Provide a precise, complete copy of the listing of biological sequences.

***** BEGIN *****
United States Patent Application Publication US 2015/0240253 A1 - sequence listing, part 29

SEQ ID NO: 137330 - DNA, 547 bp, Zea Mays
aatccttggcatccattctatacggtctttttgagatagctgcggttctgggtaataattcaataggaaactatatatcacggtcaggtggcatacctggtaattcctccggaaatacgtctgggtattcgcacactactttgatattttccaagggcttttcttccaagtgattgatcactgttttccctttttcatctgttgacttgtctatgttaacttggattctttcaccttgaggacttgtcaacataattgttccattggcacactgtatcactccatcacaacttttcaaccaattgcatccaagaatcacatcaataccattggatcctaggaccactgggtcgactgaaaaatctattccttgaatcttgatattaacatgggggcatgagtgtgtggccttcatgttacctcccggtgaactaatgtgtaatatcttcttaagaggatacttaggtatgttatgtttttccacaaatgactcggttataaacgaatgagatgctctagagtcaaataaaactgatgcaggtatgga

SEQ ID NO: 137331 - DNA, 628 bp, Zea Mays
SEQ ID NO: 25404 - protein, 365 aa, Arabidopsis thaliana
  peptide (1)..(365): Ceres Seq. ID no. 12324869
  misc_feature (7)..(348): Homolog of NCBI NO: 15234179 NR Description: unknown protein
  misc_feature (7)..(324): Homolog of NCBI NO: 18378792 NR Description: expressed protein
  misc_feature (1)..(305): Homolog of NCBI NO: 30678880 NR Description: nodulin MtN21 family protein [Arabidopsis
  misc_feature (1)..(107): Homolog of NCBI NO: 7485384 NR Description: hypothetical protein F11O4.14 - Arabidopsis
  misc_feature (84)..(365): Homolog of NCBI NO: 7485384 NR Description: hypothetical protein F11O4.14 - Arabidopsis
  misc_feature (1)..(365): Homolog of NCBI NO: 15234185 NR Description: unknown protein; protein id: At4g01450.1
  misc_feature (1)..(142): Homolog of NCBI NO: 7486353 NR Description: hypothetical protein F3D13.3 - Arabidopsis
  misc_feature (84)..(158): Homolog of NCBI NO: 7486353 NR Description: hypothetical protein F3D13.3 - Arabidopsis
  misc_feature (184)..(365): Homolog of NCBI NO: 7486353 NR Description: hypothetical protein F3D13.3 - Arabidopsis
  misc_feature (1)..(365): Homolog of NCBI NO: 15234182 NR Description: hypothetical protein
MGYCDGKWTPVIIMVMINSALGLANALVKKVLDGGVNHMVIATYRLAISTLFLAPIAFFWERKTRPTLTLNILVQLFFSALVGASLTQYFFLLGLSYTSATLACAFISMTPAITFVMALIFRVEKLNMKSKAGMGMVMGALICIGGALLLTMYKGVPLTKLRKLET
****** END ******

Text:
United States Patent Application Publication US 2015/0240253 A1 - sequence listing, part 29

SEQ ID NO: 137330 - DNA, 547 bp, Zea Mays
aatccttggcatccattctatacggtctttttgagatagctgcggttctgggtaataattcaataggaaactatatatcacggtcaggtggcatacctggtaattcctccggaaatacgtctgggtattcgcacactactttgatattttccaagggcttttcttccaagtgattgatcactgttttccctttttcatctgttgacttgtctatgttaacttggattctttcaccttgaggacttgtcaacataattgttccattggcacactgtatcactccatcacaacttttcaaccaattgcatccaagaatcacatcaataccattggatcctaggaccactgggtcgactgaaaaatctattccttgaatcttgatattaacatgggggcatgagtgtgtggccttcatgttacctcccggtgaactaatgtgtaatatcttcttaagaggatacttaggtatgttatgtttttccacaaatgactcggttataaacgaatgagatgctctagagtcaaataaaactgatgcaggtatgga

SEQ ID NO: 137331 - DNA, 628 bp, Zea Mays
SEQ ID NO: 25404 - protein, 365 aa, Arabidopsis thaliana
  peptide (1)..(365): Ceres Seq. ID no. 12324869
  misc_feature (7)..(348): Homolog of NCBI NO: 15234179 NR Description: unknown protein
  misc_feature (7)..(324): Homolog of NCBI NO: 18378792 NR Description: expressed protein
  misc_feature (1)..(305): Homolog of NCBI NO: 30678880 NR Description: nodulin MtN21 family protein [Arabidopsis
  misc_feature (1)..(107): Homolog of NCBI NO: 7485384 NR Description: hypothetical protein F11O4.14 - Arabidopsis
  misc_feature (84)..(365): Homolog of NCBI NO: 7485384 NR Description: hypothetical protein F11O4.14 - Arabidopsis
  misc_feature (1)..(365): Homolog of NCBI NO: 15234185 NR Description: unknown protein; protein id: At4g01450.1
  misc_feature (1)..(142): Homolog of NCBI NO: 7486353 NR Description: hypothetical protein F3D13.3 - Arabidopsis
  misc_feature (84)..(158): Homolog of NCBI NO: 7486353 NR Description: hypothetical protein F3D13.3 - Arabidopsis
  misc_feature (184)..(365): Homolog of NCBI NO: 7486353 NR Description: hypothetical protein F3D13.3 - Arabidopsis
  misc_feature (1)..(365): Homolog of NCBI NO: 15234182 NR Description: hypothetical protein
MGYCDGKWTPVIIMVMINSALGLANALVKKVLDGGVNHMVIATYRLAISTLFLAPIAFFWERKTRPTLTLNILVQLFFSALVGASLTQYFFLLGLSYTSATLACAFISMTPAITFVMALIFRVEKLNMKSKAGMGMVMGALICIGGALLLTMYKGVPLTKLRKLET